Alan and Betram are next-door neighbours. They are also best friends. They are also very, very different to one another. Bertram is extremely neat, and Alan is wildly messy. When Bertram gets a cat, called Pierre, he is dismayed to find that Pierre prefers it at Alan's house. Alan tries to help his friend out - giving him his old sheepskin coat, his chipped bowl and finally, his beat up old sofa. At last, Pierre and Bertram are happy, but Alan is not - he has no company and no sofa. Fortunately, Bertram comes up with a brilliant solution to the problem... The Problem With Pierre plays with the format of the book, splitting each spread down the middle - the page on the left is Bertam's neat-as-a-pin living room, and the right hand page is Alan's homely chaos. When, at the end, Bertram knocks through the wall between the two houses, and puts the sofa in the middle, there is a coming together of content and format that is sure to delight readers young and old.
Picking up where The Popularity Pact: Camp Clique left off, the second book in this exciting duology finds former best friends Bea and Maisy preparing for the new school year. Bea kept up her end of the bargain, getting Maisy in with the girls at camp. Now it's Maisy's turn to fulfill her promise to ingratiate Bea with the popular girls. When Bea is accepted into this new inner circle, she begins to lose sight of what true friendship is all about. As Bea seems prepared to sacrifice anything to be cool, Maisy realizes there's more to life than hanging out with a bunch of mean girls. Can she convince Bea that the popularity pact was a mistake? Can these former friends find their way back to each other?
Right here, I'm sharing the honest-to-goodness. I'm gon' reach back, and tell how it all went. I'm gon' speak on it. My way. Say what you want about the way I'm bringing it. Call my recollections running off at the mouth. Or bearing witness. Or speaking my mind. Loretta, Roly, and Aggie B., members of the Little family, each present the vivid story of their young lives, spanning three generations. Their separate tales--beginning in a cotton field in 1927 and ending at the presidential election of 1968 -- come together to create one unforgettable story of a journey from hardship to hope. Through an evocative mix of fictional first-person narratives, spoken word poems, folk myths, gospel rhythms and blues influences, Loretta Little Looks Back weaves an immersive tapestry that illuminates the dignity and strength of sharecroppers in the rural South. Inspired by storytelling's oral tradition, stirring page-to-stage vignettes are presented in a series of theatrical monologues that paint a gripping, multidimensional portrait of America's struggle for civil rights as seen through the eyes of the children who lived it. The novel's unique format invites us to walk in their shoes as they experience what it means to reach for freedom.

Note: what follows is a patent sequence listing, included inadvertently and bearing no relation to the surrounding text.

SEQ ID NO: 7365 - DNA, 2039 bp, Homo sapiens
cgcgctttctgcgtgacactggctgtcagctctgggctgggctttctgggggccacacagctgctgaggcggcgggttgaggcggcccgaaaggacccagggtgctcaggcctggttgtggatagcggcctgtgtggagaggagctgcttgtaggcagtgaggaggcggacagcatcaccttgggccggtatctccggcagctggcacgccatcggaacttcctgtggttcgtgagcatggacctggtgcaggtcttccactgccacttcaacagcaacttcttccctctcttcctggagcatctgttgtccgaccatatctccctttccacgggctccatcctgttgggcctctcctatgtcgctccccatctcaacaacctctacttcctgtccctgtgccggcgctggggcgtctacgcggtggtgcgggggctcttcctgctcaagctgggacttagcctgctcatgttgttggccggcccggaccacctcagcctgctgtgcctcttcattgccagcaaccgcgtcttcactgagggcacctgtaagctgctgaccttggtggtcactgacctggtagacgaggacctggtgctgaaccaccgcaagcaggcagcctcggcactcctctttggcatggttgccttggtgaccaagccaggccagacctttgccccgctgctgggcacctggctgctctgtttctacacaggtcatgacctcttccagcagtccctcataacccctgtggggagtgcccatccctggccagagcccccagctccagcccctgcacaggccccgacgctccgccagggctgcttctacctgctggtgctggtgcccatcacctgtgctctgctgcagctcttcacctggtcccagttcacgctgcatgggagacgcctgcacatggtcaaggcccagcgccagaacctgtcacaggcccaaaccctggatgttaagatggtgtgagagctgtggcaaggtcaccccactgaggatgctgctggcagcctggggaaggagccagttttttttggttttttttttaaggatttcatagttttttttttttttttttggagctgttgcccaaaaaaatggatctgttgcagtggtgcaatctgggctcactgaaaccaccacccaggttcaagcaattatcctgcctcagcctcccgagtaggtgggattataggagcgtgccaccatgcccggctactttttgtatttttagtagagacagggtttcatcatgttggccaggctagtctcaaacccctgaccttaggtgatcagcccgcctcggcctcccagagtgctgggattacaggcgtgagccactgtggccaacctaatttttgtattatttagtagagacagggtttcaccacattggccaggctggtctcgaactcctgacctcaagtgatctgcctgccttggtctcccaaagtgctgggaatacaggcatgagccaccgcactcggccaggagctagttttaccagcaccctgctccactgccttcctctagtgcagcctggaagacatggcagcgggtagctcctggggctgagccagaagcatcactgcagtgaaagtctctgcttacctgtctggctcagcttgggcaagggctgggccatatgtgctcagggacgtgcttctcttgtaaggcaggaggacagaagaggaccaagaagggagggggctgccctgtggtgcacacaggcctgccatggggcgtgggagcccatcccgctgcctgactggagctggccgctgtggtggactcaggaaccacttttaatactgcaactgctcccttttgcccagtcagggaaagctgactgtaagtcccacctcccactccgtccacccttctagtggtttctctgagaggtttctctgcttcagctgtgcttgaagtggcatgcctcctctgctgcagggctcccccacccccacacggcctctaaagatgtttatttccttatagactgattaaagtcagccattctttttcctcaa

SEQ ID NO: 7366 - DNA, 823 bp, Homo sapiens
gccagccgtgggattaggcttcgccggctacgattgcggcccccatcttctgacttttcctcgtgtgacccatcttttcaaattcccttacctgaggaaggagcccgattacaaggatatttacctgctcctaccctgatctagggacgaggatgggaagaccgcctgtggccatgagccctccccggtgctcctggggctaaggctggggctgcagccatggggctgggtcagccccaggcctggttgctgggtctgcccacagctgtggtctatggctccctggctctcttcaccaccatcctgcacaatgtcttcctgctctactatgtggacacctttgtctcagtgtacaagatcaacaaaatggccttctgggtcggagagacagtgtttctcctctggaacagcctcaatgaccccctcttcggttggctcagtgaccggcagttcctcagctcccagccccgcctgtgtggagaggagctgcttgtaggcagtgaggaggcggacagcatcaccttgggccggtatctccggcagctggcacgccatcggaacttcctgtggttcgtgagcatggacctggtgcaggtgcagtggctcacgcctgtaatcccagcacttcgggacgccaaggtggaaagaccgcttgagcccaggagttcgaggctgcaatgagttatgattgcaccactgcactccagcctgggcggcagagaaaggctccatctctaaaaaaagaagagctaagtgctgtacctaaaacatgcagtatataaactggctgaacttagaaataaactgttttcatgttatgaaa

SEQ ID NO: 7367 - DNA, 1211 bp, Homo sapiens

A young girl in modern times comes from India to live in America with her extended family. She feels so alone-like she's not wanted-and then remembers a story her mother once told her about a group of Persians who were ousted from their country and who sailed to the Western shores of India in search for a new home. The king of the region in India did not want to let them in and explained (using a glass of full milk) that the community was simply too full to let them in. The king of the Persian refugees then dumped some sugar into the milk, stirred until it dissolved, and explained to the king that not only would his people integrate well into their society but they would also help sweeten their culture. The Indian king lets them in and they prosper. And, in the end, the young girl realizes that she, too, is being accepted by those in her neighborhood and that she can finally start feeling a part of this new American society.
Zinnia Jakes has won the Wildside Zoo's endangered animals competition with her cute tortoise cupcake idea! But when she does more research about tortoises, one of her classmates starts asking too many questions... Can Zinnia Jakes remain the secret pastry chef everyone loves?